Jump to content

OB for male nurses.

Students   (1,296 Views 8 Comments)
by TerryNeal TerryNeal (New Member) New Member

805 Visitors; 9 Posts

advertisement

Time to breathe! It's good to be on breaak for Christmas. On to level two. I've been told I'll need to be assertive to have an opportunity to do much in OB as a male nurse. I don't see what the big deal is, nursing is nursing. It's all professional.

Share this post


Link to post
Share on other sites

2 Followers; 102,860 Visitors; 14,620 Posts

There's always a lot of brouhaha about how much difficulty and rejection male students are going to encounter in OB rotations. In my experience (full disclosure, I'm female), the male students in my clinical group experienced little, if any, of that and had the same experiences and opportunities the rest of us did. Of course (more full disclosure), this was in a hospital-based diploma program where all admissions to the hospital were informed right up front that, by signing the admission "consent for treatment" form, they were agreeing to have student nurses and, if they didn't like that, they might want to go somewhere else. I'm sure things are different in settings where clients may not have even considered the possibility of having a student nurse caring for them.

Conduct yourself professionally, act (even if you have to fake it at first :)) like you're comfortable in OB situations, and that will help clients feel more comfortable. I hope you have a great experience!

Share this post


Link to post
Share on other sites

HouTx has 35 years experience and works as a Manager, eLearning & Clinical Development.

44,488 Visitors; 9,051 Posts

PP's program was unusual in that it was a diploma program - which are closely associated with the hospital in which students train. Probably not the case with most settings which are only clinical training sites, not sponsors of the program.

The vast majority of US hospitals are obsessed with "patient satisfaction" these days due to the fact that this is one of the factors that can affect reimbursement rates. So . . . the patient's wishes are our command - seriously. So just be prepared. If the patient/family don't want you in the room, you will be asked to leave. I'm not saying it's logical, but the whole childbirth process is one fraught with high emotion - not logic. Just don't take it personally.

FYI, one of the most well respected NICU managers I have ever known was male. He actually pioneered many things that are taken for granted today.

Share this post


Link to post
Share on other sites

chorkle works as a Perpetual Student.

6,554 Visitors; 228 Posts

TerryN--

Somewhere on here (AN) there is a comment by a male RN who works in L&D--perhaps the only one in the U.S.

Yeah, it's all "professional", but . . . In my (long) life experience, female RNs routinely insert Foley catheters (e.g.) in male patients; male RNs, for female patients--well, maybe not so much.

Practical translation--female patients have MUCH more "rights" than male patients do. Or, male patients have NO rights;female patients have MANY. Press-Ganey regardless, I'd guess a male patient has no effective "right" to request a male nurse insert the M.D.-ordered Foley catheter. And, I'd guess that all the female RNs assume, by natural order of right, ordained by the Deity, that this is the way it is.

May your experience be different.

Share this post


Link to post
Share on other sites

2 Followers; 102,860 Visitors; 14,620 Posts

Practical translation--female patients have MUCH more "rights" than male patients do. Or, male patients have NO rights;female patients have MANY. Press-Ganey regardless, I'd guess a male patient has no effective "right" to request a male nurse insert the M.D.-ordered Foley catheter. And, I'd guess that all the female RNs assume, by natural order of right, ordained by the Deity, that this is the way it is.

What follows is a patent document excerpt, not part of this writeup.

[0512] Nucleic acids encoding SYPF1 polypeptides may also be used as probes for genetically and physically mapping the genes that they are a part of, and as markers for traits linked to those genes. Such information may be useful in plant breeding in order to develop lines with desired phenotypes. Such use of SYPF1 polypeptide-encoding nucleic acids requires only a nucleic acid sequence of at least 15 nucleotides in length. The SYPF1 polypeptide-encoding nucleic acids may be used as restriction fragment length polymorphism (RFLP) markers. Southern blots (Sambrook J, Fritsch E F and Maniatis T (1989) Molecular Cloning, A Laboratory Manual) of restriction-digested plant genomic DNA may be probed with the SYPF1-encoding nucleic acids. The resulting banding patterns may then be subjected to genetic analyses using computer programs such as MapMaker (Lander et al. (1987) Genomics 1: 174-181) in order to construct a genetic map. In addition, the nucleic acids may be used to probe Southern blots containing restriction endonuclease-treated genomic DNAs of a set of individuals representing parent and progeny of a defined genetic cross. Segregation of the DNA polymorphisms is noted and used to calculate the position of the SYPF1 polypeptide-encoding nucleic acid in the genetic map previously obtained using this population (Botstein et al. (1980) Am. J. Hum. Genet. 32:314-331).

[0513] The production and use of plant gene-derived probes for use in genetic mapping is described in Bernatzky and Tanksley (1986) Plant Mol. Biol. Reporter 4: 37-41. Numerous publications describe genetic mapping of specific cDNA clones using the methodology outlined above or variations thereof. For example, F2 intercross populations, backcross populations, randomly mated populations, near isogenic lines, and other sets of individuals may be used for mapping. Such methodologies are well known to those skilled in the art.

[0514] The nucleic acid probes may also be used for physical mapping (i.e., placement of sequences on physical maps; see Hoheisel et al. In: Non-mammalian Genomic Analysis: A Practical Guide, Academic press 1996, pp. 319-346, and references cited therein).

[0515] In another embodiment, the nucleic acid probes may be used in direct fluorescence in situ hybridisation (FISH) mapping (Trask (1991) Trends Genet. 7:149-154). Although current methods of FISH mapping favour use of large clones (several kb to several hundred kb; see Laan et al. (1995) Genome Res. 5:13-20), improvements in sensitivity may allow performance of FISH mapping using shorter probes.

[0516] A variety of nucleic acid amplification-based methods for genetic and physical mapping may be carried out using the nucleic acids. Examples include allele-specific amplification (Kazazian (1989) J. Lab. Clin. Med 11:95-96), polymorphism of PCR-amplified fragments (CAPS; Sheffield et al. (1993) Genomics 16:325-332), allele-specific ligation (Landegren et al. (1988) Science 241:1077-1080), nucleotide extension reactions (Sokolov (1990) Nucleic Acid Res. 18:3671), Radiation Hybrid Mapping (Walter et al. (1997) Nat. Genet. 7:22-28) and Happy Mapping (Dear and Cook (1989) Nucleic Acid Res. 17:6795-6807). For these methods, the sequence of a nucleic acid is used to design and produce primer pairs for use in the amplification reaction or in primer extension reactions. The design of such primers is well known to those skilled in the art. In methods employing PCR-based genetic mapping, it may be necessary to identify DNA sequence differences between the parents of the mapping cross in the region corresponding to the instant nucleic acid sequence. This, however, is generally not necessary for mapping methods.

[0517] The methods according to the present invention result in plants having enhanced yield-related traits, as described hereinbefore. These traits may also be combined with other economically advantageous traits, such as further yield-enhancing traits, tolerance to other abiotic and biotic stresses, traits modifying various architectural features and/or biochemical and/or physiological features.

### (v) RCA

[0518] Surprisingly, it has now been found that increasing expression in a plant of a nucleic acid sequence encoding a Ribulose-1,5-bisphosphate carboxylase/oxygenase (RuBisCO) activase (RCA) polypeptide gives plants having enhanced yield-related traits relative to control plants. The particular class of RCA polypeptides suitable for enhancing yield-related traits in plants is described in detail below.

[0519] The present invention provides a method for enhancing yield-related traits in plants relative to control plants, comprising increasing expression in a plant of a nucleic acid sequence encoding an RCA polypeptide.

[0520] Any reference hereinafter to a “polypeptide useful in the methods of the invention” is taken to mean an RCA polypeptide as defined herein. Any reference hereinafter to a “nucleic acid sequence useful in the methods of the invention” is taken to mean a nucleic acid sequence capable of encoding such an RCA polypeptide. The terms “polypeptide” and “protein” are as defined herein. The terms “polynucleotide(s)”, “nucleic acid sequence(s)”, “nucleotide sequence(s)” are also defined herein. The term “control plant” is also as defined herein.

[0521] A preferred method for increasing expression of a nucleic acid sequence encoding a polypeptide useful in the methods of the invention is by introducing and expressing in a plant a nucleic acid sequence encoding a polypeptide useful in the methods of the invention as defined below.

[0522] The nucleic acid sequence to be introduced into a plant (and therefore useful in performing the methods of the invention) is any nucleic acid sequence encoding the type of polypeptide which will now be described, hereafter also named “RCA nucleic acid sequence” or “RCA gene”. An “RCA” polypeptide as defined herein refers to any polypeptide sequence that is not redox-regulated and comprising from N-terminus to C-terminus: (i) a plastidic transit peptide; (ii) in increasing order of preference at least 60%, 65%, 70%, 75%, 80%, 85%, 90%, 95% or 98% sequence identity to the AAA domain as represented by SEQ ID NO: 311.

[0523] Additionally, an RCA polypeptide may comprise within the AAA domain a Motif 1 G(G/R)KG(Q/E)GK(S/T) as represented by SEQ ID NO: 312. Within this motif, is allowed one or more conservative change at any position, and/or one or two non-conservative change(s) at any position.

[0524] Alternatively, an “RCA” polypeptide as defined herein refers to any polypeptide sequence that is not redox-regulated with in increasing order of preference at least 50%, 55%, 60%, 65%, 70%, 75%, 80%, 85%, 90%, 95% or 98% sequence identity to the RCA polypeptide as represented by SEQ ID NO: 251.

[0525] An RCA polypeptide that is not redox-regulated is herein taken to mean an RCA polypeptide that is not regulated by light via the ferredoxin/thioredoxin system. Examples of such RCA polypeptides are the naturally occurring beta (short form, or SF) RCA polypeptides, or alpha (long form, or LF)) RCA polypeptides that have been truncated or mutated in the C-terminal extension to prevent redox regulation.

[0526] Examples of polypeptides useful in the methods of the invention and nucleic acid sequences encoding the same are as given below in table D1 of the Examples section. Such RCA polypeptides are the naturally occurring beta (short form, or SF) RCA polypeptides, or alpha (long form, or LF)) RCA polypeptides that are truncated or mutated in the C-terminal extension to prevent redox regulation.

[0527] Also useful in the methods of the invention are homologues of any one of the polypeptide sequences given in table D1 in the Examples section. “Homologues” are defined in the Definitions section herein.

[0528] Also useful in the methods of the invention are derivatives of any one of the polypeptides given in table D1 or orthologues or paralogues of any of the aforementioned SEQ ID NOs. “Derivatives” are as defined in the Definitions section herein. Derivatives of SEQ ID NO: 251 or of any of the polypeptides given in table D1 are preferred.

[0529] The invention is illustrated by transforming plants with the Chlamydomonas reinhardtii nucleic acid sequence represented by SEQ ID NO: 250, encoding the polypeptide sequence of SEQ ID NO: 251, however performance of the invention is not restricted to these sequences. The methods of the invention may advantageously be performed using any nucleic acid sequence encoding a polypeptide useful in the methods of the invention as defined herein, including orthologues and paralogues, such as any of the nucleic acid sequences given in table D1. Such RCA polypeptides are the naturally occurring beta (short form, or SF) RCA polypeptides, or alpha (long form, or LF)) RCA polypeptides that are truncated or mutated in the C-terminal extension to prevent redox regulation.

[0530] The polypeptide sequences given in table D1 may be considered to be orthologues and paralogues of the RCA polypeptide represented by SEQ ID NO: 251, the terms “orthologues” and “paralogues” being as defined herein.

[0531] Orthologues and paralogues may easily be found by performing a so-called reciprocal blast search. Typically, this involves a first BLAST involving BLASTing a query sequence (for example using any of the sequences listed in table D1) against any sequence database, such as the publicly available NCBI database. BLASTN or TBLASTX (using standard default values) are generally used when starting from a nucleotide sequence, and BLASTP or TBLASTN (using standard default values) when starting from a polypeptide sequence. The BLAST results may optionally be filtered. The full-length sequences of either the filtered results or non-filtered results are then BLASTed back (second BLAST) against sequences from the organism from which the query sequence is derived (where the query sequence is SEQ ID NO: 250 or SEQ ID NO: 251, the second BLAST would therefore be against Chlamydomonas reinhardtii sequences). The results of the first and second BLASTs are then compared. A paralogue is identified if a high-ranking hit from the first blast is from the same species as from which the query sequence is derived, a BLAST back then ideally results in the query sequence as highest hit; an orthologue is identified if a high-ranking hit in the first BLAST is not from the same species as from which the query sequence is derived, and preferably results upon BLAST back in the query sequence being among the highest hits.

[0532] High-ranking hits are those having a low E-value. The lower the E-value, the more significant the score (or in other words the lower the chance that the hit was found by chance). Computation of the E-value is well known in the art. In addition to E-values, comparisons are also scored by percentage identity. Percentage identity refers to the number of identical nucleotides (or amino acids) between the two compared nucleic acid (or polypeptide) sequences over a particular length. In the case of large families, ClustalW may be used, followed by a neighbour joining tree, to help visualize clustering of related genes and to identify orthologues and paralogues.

May your experience be different.

I'm sure there are males who have had negative experiences in healthcare settings, but I've been in nursing nearly 30 years, in five different states, and I've never worked anywhere where we didn't do our best to meet the request by any male client for a male staff member to provide personal care or procedures (like catheterization). There may have been a few cases in which we sincerely weren't able to accommodate that request, but I've never worked anywhere, in any setting, where men's concerns about privacy were just ignored or dismissed.

Share this post


Link to post
Share on other sites

rubato works as a RN.

15,582 Visitors; 1,111 Posts

I would just make sure everyone knows you want to have as many experiences as possible, and make sure you put yourself out there. I have never had any bias, as a female patient, against a male nurse or doctor. I truly can't understand it. The health profession isn't a sexual one.

Share this post


Link to post
Share on other sites
advertisement

Katie71275 has 2 years experience and works as a L&D RN.

14,797 Visitors; 947 Posts

I can tell you that a lot of the males in our OB rotation didn't get to do much at all! Thy didn't get to watch many deliveries either. We did at one hospital finally get to do a bit more, and me and a guy got to check a cervix. Even though OB isn't something he's interested in, I think he really like that he had that experience.

Share this post


Link to post
Share on other sites

BostonFNP works as a Primary Care NP.

1 Follower; 3 Articles; 54,230 Visitors; 5,223 Posts

I loved my pre-RN OB rotation. I had a much better experience than my female classmates including scrubbing as assists in sections.

My WH rotation as a NP student I didn't love but I saw and did as much as my female colleagues.

Go into it with an open mind and you may just find you really enjoy it.

Share this post


Link to post
Share on other sites
×